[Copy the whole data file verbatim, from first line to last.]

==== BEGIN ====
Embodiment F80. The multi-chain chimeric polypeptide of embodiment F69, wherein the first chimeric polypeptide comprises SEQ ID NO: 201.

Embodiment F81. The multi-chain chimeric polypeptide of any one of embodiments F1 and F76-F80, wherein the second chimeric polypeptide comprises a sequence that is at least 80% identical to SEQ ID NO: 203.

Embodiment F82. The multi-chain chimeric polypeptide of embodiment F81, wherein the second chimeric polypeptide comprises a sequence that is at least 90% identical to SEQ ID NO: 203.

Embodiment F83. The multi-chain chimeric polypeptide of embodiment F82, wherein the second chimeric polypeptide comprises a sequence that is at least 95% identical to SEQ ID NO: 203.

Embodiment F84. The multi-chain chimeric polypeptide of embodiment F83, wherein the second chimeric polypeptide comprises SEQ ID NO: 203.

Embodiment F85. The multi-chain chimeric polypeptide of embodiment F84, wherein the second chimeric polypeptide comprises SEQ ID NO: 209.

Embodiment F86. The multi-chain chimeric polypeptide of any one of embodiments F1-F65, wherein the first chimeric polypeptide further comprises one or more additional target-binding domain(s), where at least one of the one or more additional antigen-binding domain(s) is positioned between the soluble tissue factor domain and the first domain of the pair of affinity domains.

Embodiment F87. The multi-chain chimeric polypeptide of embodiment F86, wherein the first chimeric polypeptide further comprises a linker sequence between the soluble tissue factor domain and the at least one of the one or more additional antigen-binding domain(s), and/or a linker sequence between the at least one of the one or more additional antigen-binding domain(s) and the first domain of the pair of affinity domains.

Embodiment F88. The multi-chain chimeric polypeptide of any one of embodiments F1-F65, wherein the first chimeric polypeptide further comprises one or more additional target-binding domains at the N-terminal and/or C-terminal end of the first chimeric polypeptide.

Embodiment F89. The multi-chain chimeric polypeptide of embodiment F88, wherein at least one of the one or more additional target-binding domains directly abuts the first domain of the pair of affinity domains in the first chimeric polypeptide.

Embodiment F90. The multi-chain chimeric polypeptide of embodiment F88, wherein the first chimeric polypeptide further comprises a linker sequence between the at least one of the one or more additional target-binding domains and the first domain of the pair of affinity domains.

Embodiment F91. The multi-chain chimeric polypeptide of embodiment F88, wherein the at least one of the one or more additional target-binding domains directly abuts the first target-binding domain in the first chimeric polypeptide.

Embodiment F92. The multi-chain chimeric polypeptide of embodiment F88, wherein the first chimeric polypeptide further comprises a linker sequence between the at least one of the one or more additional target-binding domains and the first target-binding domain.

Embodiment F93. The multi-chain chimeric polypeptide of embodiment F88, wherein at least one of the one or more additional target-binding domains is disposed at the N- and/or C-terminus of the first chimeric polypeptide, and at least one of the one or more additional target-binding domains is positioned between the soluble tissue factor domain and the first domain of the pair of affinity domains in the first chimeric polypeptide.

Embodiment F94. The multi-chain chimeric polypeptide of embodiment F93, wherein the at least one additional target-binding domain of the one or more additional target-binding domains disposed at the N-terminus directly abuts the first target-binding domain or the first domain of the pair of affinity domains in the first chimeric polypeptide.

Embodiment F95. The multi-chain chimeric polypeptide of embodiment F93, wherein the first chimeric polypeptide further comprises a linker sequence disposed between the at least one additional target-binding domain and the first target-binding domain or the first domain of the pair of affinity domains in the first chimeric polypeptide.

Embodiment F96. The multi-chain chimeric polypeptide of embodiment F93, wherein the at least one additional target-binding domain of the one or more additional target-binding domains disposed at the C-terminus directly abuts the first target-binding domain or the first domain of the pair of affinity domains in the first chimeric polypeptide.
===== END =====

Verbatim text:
Embodiment F80. The multi-chain chimeric polypeptide of embodiment F69, wherein the first chimeric polypeptide comprises SEQ ID NO: 201.

Embodiment F81. The multi-chain chimeric polypeptide of any one of embodiments F1 and F76-F80, wherein the second chimeric polypeptide comprises a sequence that is at least 80% identical to SEQ ID NO: 203.

Embodiment F82. The multi-chain chimeric polypeptide of embodiment F81, wherein the second chimeric polypeptide comprises a sequence that is at least 90% identical to SEQ ID NO: 203.

Embodiment F83. The multi-chain chimeric polypeptide of embodiment F82, wherein the second chimeric polypeptide comprises a sequence that is at least 95% identical to SEQ ID NO: 203.

Embodiment F84. The multi-chain chimeric polypeptide of embodiment F83, wherein the second chimeric polypeptide comprises SEQ ID NO: 203.

Embodiment F85. The multi-chain chimeric polypeptide of embodiment F84, wherein the second chimeric polypeptide comprises SEQ ID NO: 209.

Embodiment F86. The multi-chain chimeric polypeptide of any one of embodiments F1-F65, wherein the first chimeric polypeptide further comprises one or more additional target-binding domain(s), where at least one of the one or more additional antigen-binding domain(s) is positioned between the soluble tissue factor domain and the first domain of the pair of affinity domains.

Embodiment F87. The multi-chain chimeric polypeptide of embodiment F86, wherein the first chimeric polypeptide further comprises a linker sequence between the soluble tissue factor domain and the at least one of the one or more additional antigen-binding domain(s), and/or a linker sequence between the at least one of the one or more additional antigen-binding domain(s) and the first domain of the pair of affinity domains.

Embodiment F88. The multi-chain chimeric polypeptide of any one of embodiments F1-F65, wherein the first chimeric polypeptide further comprises one or more additional target-binding domains at the N-terminal and/or C-terminal end of the first chimeric polypeptide.

Embodiment F89. The multi-chain chimeric polypeptide of embodiment F88, wherein at least one of the one or more additional target-binding domains directly abuts the first domain of the pair of affinity domains in the first chimeric polypeptide.

Embodiment F90. The multi-chain chimeric polypeptide of embodiment F88, wherein the first chimeric polypeptide further comprises a linker sequence between the at least one of the one or more additional target-binding domains and the first domain of the pair of affinity domains.

Embodiment F91. The multi-chain chimeric polypeptide of embodiment F88, wherein the at least one of the one or more additional target-binding domains directly abuts the first target-binding domain in the first chimeric polypeptide.

Embodiment F92. The multi-chain chimeric polypeptide of embodiment F88, wherein the first chimeric polypeptide further comprises a linker sequence between the at least one of the one or more additional target-binding domains and the first target-binding domain.

Embodiment F93. The multi-chain chimeric polypeptide of embodiment F88, wherein at least one of the one or more additional target-binding domains is disposed at the N- and/or C-terminus of the first chimeric polypeptide, and at least one of the one or more additional target-binding domains is positioned between the soluble tissue factor domain and the first domain of the pair of affinity domains in the first chimeric polypeptide.

Embodiment F94. The multi-chain chimeric polypeptide of embodiment F93, wherein the at least one additional target-binding domain of the one or more additional target-binding domains disposed at the N-terminus directly abuts the first target-binding domain or the first domain of the pair of affinity domains in the first chimeric polypeptide.

Embodiment F95. The multi-chain chimeric polypeptide of embodiment F93, wherein the first chimeric polypeptide further comprises a linker sequence disposed between the at least one additional target-binding domain and the first target-binding domain or the first domain of the pair of affinity domains in the first chimeric polypeptide.

Embodiment F96. The multi-chain chimeric polypeptide of embodiment F93, wherein the at least one additional target-binding domain of the one or more additional target-binding domains disposed at the C-terminus directly abuts the first target-binding domain or the first domain of the pair of affinity domains in the first chimeric polypeptide.